Bil’s rating (out of 5): BB.5.
USA, 1989. Lightyear Entertainment. Screenplay by Neil Cuthbert, Grant Morris, based on the character created by Len Wein, Bernie Wrightson.
Cinematography by Zoran Hochstätter. Produced by Benjamin Melniker, Michael E. Uslan. Music by Chuck Cirino. Production Design by Robb Wilson King. Costume Design by Vicki Graef. Film Editing by Leslie Rosenthal.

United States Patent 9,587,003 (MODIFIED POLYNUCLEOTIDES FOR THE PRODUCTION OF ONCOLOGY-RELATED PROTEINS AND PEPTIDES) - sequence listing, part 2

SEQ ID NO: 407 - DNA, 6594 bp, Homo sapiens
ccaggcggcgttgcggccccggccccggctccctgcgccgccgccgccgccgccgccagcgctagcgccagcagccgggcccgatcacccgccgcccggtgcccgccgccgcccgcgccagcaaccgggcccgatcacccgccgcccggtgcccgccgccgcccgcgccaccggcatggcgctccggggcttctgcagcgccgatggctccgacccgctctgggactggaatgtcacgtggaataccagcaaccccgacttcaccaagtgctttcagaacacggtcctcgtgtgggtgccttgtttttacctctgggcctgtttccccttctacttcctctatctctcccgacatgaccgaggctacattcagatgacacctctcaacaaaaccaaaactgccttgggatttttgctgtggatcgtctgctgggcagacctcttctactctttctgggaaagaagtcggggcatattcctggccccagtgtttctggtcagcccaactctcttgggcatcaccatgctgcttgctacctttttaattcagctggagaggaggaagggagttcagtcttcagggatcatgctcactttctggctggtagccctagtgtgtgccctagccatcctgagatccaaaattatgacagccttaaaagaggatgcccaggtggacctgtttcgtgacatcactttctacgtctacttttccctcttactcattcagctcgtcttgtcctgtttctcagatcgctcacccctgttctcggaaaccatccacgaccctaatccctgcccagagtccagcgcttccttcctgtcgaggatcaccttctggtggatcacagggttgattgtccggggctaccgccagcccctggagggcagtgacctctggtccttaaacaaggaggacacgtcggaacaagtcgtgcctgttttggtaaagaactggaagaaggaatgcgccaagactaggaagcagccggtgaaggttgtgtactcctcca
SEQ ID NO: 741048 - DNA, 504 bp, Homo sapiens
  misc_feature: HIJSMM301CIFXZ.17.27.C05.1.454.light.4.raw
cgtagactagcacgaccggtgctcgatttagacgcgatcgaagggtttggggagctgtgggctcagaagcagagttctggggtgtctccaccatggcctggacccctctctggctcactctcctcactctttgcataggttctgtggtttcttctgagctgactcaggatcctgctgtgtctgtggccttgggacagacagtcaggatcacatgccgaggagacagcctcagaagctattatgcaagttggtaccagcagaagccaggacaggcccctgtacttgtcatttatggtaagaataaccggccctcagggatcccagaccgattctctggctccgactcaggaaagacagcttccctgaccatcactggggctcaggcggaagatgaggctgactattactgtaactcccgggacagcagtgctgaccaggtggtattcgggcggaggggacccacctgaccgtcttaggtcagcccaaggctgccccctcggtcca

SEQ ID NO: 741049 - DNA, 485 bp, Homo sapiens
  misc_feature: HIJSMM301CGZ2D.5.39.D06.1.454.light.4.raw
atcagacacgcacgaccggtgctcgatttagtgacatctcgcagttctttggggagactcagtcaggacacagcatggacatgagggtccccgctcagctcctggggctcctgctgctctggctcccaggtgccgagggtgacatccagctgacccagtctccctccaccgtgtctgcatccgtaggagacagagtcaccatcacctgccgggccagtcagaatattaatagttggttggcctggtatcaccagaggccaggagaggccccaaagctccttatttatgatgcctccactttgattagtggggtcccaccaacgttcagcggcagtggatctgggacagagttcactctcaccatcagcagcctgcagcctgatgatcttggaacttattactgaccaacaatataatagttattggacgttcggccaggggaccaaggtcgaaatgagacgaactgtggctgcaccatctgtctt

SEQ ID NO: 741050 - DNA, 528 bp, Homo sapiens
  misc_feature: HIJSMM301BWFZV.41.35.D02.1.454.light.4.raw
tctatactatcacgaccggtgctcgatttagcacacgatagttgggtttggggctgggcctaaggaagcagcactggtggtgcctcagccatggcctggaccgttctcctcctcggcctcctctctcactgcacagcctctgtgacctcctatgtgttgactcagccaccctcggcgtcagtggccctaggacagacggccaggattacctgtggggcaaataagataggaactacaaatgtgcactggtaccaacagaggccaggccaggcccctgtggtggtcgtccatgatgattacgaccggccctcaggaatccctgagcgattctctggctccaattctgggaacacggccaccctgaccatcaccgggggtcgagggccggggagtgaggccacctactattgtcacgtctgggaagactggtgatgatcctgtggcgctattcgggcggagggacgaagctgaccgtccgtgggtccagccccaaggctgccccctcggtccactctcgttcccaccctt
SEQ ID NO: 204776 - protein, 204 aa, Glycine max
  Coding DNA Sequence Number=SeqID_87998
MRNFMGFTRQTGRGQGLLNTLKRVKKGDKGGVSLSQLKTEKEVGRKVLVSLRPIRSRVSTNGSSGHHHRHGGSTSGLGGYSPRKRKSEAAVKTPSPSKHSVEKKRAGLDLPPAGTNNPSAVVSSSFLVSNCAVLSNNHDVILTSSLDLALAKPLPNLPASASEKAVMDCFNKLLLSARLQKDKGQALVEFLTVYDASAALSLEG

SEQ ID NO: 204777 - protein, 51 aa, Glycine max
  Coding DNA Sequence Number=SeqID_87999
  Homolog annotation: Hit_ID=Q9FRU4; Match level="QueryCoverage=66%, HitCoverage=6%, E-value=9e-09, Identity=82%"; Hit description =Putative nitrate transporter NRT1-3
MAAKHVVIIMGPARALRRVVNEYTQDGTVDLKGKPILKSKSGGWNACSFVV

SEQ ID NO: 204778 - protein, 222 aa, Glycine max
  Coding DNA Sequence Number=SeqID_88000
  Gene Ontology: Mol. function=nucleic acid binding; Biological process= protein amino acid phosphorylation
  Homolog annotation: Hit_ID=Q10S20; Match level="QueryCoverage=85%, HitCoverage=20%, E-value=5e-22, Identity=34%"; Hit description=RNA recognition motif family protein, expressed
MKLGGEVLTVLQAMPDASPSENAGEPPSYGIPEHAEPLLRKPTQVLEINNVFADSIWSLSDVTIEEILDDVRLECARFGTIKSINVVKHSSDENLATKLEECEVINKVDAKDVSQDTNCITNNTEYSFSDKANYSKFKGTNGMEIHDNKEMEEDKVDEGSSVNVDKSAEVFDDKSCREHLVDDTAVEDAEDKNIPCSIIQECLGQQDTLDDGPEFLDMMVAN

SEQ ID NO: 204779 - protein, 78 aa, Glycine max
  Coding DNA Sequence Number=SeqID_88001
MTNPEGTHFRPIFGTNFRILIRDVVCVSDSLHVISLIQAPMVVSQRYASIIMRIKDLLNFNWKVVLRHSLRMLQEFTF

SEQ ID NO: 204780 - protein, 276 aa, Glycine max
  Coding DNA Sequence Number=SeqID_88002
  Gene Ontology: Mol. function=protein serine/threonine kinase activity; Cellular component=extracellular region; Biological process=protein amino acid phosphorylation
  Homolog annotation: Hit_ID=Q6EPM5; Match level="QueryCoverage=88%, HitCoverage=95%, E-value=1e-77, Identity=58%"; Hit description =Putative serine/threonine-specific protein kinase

The sequel to the 1982 Wes Craven film has its tongue firmly in its cheek, so don’t think yourself too smart if you point out its flaws to the rest of us. Heather Locklear comes to visit her stepfather (Louis Jourdan) and is shocked with what she finds at his mansion, an array of experiments that involve genetically splicing humans with animals that are producing some very upsetting results. She is even more shocked when she meets the Swamp Thing, a leaf-covered creature who inhabits the boggy water around Jourdan’s house, and finds him to be a kindred spirit, both for his erudite manner and his gentlemanly consideration of her safety. Their friendship will come in handy when it turns out that, *surprise*, Jourdan is evil and has nefarious plans to elongate his life by using her in a very nasty experiment. Great production design only emphasizes the fun to be had from the film’s commitment to its B-level status, but it’s a shame that the filmmakers don’t create something even more ridiculous than what we have here; the film’s being honest with itself about its intended quality almost robs it of its potential as a fun night at a midnight madness screening, usually its the sincerity of films thinking they have a shot at being great (like The Room) that makes audiences fall in love with them. It also doesn’t help that Locklear, while game for the operation, doesn’t seem to be having a good time, and all her scenes with the Swamp Thing (played by an actor with as promising a name as Dick Durock) are awkward and lack chemistry.